Interest Radar state filter allows you to select the top 9 states in number of loans. For the sake of being practical (read about our principles if you haven’t yet), the remaining states are grouped together as “Other”. There is not much reason to create a strategy to focus for example on South Carolina listings, when the total number of loans so far to SC was around 800, or less than 14 in average every month. Statistically, their performance can’t be determined.
The difference between states, from a credit standpoint, is not only cultural (think Texas), but mainly related to state law and court inclinations. How easy is it to file bankruptcy, how expensive is it to sue, how fast is it to foreclose.
As is normally the case, the State attribute shouldn’t be used by itself to rule out a group of loans. Let’s do an exercise to compare FL and CA, for loans issued with grades C-G.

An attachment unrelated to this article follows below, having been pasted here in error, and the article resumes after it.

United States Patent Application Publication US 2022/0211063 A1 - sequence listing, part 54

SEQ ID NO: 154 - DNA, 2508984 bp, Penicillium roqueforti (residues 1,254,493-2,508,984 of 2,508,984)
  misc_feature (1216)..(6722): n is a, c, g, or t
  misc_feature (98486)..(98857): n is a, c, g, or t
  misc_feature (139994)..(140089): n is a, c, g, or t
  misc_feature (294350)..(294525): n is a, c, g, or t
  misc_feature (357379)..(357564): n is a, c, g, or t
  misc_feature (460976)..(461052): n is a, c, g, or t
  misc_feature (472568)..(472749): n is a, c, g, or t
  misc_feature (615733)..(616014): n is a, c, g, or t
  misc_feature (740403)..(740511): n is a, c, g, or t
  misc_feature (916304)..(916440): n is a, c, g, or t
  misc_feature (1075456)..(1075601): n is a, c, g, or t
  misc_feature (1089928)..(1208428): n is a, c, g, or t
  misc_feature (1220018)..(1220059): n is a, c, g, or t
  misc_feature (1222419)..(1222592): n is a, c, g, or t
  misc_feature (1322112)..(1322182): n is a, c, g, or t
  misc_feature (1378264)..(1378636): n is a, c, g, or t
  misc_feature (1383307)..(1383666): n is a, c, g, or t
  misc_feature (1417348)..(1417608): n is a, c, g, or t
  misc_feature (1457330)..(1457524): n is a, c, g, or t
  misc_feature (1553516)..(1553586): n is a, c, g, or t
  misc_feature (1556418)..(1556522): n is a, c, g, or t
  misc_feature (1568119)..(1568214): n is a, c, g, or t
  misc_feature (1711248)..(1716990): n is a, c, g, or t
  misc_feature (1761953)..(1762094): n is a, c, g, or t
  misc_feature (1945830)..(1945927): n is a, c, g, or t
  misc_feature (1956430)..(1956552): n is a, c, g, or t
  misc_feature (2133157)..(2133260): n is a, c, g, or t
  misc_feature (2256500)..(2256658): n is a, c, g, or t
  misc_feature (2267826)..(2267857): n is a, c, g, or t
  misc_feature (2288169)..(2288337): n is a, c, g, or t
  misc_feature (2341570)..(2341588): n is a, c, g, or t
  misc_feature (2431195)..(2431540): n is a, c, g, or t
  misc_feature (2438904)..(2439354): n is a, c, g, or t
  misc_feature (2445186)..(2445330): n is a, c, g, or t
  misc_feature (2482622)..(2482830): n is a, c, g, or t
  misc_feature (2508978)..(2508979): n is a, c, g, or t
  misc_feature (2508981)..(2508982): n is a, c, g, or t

If we simply request Interest Radar for the breakdown of the loans in these two states, we will see that CA has the higher loss rate of 5.7% and FL is a little better with 5.6%. But let’s test something now and select only loans with zero or one delinquencies in the last 2 years. Now the picture is inverted: CA is 5.6% and FL is 5.8%. So, we decreased the loss for CA and increased in 0.2% the loss in FL. That means we’re turning down some loans in FL that have 2 or more delinquencies but in average have less than 5.6% loss rate, therefore increasing the average loss rate for that state. In CA the opposite occurred, as it appears that 2 or more delinquencies are a really bad sign there. You can verify this by yourself by filtering out zero and 1 delinquencies, and looking at CA and FL one at a time. Surprisingly, the average loss in FL for those with 2 delinquencies is only 2.1%.